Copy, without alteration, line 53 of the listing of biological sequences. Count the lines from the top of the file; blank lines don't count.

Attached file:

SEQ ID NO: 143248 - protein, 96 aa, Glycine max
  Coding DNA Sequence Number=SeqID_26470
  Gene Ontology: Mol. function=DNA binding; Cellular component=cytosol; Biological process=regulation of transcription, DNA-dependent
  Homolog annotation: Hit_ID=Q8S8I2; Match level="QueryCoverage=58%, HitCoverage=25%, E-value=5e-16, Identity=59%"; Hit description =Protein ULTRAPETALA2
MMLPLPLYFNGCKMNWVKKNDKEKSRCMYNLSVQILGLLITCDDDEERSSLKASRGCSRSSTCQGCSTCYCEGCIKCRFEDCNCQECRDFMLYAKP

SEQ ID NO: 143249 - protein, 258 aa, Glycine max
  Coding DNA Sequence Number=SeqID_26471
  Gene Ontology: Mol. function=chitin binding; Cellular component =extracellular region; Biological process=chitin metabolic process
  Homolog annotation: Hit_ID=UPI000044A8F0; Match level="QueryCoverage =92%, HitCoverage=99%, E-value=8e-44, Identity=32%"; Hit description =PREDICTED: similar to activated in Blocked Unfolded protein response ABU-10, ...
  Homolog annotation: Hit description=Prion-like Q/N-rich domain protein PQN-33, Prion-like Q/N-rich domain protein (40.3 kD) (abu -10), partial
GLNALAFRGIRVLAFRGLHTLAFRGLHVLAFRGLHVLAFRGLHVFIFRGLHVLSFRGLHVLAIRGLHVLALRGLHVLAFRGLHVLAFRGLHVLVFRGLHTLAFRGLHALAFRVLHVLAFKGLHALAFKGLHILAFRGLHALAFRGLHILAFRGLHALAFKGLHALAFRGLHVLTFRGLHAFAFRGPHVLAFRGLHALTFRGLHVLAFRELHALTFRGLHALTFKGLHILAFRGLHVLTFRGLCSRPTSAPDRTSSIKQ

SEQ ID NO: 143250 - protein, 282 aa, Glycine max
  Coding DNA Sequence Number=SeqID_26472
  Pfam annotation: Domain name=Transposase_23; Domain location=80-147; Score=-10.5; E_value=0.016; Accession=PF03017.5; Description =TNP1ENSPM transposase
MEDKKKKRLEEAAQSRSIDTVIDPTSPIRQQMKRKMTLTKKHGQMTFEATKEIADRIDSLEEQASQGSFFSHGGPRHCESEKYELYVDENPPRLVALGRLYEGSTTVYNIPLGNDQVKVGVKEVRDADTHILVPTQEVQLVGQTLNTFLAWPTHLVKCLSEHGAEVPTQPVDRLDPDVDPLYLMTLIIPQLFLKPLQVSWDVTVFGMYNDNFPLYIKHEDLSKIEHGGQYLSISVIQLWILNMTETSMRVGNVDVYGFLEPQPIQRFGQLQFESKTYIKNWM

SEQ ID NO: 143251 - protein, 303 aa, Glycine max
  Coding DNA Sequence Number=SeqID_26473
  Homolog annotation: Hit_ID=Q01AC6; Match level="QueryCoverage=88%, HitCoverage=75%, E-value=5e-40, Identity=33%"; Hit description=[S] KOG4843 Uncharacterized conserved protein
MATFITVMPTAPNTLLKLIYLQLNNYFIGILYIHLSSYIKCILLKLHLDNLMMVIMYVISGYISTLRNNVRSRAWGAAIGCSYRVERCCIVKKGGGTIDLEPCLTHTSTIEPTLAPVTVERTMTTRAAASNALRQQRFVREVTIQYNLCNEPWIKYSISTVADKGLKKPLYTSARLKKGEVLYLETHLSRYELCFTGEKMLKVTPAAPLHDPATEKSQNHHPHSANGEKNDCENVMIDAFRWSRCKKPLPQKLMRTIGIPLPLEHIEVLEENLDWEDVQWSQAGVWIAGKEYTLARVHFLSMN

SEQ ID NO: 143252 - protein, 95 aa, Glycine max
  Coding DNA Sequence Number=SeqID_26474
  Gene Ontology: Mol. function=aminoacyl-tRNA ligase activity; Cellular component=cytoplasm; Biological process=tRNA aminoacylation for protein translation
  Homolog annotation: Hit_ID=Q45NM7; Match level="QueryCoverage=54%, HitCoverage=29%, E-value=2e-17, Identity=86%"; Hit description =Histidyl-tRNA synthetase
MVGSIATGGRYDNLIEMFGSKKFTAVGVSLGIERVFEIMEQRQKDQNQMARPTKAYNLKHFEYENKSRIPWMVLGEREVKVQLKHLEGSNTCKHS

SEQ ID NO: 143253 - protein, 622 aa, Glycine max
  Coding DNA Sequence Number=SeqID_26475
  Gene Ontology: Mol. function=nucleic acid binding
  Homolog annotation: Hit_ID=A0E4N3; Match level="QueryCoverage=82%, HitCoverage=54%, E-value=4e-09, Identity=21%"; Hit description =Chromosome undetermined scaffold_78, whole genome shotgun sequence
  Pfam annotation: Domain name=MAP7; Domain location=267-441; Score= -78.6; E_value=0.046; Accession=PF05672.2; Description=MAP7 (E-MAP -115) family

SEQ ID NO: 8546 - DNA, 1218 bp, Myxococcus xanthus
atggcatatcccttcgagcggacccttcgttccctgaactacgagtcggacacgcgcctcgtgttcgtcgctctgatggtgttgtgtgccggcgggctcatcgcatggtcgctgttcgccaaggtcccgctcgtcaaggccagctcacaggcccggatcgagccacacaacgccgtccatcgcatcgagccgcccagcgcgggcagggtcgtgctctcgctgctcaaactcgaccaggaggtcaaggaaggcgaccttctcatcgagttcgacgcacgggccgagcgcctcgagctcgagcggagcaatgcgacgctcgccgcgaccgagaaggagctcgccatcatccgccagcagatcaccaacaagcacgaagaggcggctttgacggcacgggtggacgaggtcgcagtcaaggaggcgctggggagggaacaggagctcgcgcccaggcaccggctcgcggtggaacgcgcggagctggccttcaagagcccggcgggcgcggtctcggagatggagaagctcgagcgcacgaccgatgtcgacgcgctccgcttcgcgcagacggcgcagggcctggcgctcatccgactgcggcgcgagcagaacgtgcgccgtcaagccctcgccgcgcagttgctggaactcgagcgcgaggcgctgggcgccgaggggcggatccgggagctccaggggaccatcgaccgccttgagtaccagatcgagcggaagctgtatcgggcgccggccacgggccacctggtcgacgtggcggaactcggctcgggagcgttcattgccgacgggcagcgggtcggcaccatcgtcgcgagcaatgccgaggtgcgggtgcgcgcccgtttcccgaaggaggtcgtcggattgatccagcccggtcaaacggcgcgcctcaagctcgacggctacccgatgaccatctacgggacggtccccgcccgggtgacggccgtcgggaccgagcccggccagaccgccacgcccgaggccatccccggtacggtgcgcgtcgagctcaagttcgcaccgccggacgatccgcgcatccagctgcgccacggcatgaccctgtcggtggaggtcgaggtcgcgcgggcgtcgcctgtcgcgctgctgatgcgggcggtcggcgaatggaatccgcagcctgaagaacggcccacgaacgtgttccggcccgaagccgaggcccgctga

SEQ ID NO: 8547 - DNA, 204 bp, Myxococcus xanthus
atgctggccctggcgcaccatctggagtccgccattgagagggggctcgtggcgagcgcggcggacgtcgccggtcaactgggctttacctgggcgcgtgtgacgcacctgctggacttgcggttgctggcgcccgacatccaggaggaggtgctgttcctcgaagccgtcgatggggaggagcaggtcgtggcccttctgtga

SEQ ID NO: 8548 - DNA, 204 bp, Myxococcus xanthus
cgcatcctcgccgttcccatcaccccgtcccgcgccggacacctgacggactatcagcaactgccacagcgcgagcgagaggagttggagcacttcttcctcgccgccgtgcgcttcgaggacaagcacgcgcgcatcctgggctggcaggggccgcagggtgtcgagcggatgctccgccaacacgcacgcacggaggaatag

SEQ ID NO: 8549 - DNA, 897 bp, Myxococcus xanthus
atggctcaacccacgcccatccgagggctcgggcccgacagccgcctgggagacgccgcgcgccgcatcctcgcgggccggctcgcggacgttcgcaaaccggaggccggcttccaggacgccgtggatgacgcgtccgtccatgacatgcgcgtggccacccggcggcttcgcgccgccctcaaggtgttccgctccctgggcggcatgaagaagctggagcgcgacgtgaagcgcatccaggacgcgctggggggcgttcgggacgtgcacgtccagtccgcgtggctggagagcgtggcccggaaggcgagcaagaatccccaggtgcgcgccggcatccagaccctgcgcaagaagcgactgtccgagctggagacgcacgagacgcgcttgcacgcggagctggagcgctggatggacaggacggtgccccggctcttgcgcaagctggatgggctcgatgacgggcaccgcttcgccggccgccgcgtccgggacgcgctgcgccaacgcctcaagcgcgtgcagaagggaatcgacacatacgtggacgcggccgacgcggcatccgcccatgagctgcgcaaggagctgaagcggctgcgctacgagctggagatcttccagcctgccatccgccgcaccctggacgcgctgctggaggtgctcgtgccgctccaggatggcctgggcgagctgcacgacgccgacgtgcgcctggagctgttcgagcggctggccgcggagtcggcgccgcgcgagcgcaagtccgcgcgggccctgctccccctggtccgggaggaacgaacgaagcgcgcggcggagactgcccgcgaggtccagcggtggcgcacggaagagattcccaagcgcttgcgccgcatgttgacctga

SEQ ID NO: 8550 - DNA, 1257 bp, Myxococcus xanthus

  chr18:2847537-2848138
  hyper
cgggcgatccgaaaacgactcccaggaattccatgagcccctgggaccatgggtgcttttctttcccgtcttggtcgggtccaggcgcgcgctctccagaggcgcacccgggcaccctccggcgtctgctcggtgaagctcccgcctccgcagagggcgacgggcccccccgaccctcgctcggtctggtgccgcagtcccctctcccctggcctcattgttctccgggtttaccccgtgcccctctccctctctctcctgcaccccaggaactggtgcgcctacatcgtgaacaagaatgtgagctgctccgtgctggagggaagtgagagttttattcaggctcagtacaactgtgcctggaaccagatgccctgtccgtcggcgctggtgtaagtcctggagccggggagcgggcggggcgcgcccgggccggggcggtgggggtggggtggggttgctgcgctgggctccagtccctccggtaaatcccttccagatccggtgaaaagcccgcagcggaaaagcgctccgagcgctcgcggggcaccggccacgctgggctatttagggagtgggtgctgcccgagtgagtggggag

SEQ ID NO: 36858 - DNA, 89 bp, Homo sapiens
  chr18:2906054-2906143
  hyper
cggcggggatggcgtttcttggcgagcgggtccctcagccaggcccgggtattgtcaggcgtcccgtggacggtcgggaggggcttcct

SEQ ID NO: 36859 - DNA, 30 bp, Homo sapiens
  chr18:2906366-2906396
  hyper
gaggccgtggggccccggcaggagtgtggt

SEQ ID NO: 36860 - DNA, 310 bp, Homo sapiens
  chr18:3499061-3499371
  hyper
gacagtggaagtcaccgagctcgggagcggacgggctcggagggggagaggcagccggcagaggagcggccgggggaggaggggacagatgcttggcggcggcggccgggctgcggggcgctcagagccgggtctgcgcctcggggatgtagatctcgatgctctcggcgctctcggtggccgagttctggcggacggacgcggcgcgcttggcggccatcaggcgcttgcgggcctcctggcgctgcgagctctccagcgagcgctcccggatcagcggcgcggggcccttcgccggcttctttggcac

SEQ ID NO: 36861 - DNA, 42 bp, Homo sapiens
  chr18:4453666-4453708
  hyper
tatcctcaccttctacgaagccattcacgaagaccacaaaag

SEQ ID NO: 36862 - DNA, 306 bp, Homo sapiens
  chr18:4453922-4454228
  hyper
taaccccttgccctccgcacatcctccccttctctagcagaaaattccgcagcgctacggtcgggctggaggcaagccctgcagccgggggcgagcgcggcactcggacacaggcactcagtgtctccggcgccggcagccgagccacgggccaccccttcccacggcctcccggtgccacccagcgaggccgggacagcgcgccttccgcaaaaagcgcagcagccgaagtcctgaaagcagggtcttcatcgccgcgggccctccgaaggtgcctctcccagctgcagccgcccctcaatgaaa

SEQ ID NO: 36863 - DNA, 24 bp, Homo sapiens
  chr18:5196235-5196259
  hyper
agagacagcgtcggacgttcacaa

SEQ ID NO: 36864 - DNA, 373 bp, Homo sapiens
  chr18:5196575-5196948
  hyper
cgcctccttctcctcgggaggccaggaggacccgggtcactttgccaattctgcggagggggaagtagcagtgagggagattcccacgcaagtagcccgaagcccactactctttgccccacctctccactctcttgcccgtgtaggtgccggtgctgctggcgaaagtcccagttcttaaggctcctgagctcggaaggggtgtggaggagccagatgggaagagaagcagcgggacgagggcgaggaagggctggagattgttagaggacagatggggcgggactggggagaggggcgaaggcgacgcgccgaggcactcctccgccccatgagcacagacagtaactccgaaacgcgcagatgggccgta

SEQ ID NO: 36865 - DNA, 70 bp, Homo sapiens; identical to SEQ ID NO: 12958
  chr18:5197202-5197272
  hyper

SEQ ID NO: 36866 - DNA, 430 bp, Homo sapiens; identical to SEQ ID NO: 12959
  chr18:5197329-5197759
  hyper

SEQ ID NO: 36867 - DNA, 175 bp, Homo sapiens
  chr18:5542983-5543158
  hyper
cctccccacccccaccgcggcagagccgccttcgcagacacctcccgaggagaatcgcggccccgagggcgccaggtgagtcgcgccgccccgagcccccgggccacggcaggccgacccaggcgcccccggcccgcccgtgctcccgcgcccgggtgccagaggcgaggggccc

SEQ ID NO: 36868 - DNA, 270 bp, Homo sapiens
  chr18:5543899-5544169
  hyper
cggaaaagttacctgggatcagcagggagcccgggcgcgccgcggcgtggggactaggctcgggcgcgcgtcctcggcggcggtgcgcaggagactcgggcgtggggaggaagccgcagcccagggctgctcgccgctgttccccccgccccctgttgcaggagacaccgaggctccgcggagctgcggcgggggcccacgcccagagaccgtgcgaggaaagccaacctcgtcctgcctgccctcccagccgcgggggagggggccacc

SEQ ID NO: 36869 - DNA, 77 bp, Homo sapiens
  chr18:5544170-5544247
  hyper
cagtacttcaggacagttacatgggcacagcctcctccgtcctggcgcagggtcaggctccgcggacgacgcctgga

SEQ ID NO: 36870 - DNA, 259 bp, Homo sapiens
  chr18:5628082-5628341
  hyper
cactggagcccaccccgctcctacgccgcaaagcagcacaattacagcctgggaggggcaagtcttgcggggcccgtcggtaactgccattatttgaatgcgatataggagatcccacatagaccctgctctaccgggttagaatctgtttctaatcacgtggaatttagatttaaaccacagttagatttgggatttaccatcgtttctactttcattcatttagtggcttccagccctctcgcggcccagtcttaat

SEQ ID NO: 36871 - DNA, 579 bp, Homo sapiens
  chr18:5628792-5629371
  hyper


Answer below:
gacagtggaagtcaccgagctcgggagcggacgggctcggagggggagaggcagccggcagaggagcggccgggggaggaggggacagatgcttggcggcggcggccgggctgcggggcgctcagagccgggtctgcgcctcggggatgtagatctcgatgctctcggcgctctcggtggccgagttctggcggacggacgcggcgcgcttggcggccatcaggcgcttgcgggcctcctggcgctgcgagctctccagcgagcgctcccggatcagcggcgcggggcccttcgccggcttctttggcac